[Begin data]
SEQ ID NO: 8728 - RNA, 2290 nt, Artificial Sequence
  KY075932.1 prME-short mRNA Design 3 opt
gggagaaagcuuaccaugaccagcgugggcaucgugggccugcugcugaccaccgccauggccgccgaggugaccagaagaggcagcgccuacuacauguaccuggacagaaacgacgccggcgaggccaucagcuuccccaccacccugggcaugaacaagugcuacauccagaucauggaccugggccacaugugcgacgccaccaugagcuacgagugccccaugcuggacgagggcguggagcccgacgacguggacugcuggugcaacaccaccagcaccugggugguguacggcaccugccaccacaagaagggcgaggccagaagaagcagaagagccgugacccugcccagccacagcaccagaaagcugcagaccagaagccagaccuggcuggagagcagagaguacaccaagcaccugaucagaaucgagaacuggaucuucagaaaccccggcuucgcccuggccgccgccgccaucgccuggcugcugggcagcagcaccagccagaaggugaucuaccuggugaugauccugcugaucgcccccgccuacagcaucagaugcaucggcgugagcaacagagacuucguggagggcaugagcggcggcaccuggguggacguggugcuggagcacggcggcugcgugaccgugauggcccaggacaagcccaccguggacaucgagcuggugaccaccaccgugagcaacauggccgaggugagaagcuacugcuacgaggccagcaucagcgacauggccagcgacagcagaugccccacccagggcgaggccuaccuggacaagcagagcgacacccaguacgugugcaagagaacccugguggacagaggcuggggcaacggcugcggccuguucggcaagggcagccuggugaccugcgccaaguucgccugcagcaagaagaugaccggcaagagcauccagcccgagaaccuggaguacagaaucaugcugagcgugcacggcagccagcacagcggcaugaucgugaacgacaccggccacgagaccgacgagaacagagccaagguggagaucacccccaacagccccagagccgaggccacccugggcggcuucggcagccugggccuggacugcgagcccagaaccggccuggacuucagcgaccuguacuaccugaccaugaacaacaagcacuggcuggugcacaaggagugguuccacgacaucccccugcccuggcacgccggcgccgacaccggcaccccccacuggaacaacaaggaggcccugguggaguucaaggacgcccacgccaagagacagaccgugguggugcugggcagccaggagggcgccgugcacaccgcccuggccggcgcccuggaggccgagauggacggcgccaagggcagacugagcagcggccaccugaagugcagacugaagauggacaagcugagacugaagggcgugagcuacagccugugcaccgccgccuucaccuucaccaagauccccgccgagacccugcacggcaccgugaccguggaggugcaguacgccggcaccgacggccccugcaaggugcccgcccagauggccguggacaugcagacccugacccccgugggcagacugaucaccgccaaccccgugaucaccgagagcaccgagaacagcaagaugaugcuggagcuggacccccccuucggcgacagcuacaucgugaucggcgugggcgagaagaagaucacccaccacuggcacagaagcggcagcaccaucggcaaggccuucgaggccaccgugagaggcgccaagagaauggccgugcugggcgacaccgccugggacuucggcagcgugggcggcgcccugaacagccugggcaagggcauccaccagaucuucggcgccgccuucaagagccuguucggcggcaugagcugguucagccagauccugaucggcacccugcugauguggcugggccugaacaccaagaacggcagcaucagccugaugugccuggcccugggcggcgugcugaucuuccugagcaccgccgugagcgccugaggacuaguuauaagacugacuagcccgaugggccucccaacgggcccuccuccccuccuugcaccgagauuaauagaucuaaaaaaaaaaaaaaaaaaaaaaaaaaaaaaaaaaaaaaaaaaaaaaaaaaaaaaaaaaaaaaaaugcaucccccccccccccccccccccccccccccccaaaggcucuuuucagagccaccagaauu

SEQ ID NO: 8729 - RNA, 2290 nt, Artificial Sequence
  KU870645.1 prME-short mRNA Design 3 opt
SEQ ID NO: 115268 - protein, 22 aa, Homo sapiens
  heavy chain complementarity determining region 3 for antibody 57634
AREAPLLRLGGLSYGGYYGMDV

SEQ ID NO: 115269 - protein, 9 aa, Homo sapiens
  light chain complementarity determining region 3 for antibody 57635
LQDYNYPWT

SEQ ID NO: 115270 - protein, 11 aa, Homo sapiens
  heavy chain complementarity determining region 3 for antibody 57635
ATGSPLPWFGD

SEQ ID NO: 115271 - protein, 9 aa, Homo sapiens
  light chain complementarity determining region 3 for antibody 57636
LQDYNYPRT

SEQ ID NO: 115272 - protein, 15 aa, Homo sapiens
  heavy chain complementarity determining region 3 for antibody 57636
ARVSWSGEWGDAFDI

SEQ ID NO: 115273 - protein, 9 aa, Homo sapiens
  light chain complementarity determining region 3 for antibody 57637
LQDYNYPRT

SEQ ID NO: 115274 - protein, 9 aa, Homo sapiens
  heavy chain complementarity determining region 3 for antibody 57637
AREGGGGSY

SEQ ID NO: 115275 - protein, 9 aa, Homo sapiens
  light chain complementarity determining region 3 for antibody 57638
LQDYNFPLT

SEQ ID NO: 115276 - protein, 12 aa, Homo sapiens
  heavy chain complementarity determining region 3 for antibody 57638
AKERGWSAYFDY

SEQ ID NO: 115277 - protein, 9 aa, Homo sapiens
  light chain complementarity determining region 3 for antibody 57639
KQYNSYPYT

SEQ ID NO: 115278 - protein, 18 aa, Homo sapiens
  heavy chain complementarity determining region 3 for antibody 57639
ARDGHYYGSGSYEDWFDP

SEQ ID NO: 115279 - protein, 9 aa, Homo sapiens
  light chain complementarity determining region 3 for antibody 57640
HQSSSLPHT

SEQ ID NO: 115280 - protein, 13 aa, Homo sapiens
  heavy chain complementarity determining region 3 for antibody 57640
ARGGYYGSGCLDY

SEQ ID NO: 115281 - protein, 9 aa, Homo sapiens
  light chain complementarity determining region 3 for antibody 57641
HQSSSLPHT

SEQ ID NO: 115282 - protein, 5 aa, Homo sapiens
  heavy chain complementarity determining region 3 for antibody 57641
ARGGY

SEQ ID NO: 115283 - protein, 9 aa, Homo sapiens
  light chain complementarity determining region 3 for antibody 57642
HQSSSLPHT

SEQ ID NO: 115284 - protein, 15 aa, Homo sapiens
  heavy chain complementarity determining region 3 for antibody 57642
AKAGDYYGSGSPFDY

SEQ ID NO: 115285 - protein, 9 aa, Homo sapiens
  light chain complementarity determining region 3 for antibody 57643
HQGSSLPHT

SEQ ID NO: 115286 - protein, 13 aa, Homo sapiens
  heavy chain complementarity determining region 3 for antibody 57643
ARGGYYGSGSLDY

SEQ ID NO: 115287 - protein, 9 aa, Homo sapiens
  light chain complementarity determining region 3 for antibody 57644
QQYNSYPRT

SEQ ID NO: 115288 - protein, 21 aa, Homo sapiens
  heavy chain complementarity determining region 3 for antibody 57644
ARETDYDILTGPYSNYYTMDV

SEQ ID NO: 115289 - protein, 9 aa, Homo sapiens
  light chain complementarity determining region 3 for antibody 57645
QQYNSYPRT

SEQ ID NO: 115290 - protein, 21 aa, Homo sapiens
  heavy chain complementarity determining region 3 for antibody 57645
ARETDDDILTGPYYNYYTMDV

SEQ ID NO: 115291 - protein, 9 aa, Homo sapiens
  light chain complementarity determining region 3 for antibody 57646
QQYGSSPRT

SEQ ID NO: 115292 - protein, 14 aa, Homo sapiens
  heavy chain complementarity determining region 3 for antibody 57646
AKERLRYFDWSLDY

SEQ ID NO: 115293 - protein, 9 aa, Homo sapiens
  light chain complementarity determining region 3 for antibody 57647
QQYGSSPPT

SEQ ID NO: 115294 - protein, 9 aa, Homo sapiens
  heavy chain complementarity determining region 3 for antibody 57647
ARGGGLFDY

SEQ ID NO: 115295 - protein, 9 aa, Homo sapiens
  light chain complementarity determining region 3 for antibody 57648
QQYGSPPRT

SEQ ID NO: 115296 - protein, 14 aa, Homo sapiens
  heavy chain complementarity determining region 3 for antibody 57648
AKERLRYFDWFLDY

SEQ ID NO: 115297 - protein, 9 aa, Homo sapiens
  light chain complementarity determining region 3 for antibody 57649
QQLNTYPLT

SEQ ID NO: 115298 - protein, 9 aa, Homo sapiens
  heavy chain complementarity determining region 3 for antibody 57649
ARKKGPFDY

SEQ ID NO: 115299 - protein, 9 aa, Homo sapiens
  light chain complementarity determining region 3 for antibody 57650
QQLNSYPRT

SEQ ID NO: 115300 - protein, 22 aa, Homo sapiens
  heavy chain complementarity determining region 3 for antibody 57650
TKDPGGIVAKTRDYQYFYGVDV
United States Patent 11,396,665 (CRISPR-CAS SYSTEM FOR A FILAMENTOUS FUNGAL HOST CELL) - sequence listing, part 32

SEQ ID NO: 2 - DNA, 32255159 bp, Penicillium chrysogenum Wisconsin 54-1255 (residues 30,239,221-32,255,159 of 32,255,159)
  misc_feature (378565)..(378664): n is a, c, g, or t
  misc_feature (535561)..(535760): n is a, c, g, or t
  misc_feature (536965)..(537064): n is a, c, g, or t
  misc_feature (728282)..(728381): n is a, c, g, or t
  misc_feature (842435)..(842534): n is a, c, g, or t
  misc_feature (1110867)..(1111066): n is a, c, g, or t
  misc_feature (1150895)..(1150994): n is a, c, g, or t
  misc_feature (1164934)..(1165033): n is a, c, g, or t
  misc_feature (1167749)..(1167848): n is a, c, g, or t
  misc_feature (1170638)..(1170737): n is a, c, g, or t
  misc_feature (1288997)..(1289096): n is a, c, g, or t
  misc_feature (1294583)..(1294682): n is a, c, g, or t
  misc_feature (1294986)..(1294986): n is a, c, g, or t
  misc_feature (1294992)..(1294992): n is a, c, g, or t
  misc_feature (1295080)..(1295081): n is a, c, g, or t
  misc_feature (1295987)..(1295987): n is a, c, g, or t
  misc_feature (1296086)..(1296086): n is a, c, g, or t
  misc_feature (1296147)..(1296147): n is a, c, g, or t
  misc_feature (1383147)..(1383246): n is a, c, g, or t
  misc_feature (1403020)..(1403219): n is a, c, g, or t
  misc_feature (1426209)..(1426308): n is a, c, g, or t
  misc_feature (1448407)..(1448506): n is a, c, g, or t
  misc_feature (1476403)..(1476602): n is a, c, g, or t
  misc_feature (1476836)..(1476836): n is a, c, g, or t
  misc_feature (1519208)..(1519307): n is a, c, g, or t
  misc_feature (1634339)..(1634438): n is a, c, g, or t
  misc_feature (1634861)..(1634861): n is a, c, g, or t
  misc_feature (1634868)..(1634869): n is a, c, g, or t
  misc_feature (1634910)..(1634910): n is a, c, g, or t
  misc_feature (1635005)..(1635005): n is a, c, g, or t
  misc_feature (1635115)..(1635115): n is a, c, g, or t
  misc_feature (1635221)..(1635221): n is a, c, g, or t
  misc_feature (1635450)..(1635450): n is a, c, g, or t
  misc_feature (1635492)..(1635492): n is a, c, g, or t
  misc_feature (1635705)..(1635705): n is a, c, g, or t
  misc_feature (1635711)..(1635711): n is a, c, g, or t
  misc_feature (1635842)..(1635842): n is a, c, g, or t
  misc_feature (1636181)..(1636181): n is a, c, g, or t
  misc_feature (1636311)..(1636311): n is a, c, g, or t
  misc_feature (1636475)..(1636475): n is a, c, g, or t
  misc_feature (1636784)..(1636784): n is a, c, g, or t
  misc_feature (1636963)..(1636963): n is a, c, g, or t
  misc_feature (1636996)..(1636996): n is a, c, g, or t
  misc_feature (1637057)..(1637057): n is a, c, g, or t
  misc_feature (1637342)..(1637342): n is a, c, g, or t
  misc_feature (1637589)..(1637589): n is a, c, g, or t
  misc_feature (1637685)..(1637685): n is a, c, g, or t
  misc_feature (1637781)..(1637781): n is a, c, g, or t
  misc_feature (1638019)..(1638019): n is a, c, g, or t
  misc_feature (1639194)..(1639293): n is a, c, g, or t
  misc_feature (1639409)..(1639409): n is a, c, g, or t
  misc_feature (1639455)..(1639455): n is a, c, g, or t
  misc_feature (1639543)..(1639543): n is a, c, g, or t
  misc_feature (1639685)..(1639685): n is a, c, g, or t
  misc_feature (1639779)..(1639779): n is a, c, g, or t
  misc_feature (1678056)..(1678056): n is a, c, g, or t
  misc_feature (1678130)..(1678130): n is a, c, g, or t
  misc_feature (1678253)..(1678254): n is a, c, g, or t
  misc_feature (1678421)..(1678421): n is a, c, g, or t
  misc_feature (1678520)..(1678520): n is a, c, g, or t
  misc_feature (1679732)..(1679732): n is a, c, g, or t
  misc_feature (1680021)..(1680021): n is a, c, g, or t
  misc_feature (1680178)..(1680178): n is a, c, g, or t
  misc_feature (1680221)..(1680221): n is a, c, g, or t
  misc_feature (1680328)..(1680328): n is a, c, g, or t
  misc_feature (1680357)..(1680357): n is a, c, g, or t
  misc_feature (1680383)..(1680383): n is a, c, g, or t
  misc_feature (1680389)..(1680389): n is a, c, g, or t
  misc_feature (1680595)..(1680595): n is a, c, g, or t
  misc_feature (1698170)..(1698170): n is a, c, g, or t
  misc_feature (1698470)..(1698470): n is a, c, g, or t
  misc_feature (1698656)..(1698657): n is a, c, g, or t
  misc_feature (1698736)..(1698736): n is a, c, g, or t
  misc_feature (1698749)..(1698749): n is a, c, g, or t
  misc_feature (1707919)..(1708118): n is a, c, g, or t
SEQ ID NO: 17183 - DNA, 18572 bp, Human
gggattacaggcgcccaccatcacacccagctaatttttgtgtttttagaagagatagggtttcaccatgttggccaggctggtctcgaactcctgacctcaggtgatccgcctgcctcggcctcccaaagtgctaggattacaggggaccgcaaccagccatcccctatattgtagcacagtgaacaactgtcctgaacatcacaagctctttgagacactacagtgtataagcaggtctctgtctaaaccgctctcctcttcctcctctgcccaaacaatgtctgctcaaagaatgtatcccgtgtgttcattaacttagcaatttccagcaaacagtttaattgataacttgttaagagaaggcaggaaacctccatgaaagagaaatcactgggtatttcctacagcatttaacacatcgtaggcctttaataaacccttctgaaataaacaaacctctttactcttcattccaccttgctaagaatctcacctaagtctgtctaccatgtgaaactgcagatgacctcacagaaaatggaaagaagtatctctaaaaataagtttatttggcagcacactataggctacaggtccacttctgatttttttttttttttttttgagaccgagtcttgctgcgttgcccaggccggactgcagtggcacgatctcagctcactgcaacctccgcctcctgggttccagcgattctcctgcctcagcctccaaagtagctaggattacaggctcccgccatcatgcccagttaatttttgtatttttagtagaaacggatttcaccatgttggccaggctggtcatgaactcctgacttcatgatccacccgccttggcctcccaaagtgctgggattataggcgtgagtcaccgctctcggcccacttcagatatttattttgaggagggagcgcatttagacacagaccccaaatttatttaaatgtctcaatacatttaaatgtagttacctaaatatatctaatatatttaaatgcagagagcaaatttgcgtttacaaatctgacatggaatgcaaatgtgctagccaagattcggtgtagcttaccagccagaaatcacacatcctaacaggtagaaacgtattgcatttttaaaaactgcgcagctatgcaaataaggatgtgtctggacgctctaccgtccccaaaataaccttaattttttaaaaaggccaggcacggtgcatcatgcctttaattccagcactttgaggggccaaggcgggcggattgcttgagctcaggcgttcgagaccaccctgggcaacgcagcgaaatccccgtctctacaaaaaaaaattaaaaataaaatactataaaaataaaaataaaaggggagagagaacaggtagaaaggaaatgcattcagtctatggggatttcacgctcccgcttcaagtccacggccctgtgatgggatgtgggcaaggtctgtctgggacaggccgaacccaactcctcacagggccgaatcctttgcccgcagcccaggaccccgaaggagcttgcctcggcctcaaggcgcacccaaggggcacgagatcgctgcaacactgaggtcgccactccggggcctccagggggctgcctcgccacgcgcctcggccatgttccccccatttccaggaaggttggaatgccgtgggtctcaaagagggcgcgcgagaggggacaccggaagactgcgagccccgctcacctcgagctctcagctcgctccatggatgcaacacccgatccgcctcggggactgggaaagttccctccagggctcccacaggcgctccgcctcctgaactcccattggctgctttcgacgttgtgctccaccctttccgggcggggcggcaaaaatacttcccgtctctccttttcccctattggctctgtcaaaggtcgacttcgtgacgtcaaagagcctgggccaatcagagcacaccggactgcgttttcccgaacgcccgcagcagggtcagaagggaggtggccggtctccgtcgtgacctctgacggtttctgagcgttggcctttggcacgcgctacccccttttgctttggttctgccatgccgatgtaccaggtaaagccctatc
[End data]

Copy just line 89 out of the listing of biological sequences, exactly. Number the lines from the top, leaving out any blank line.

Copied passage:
QQYGSPPRT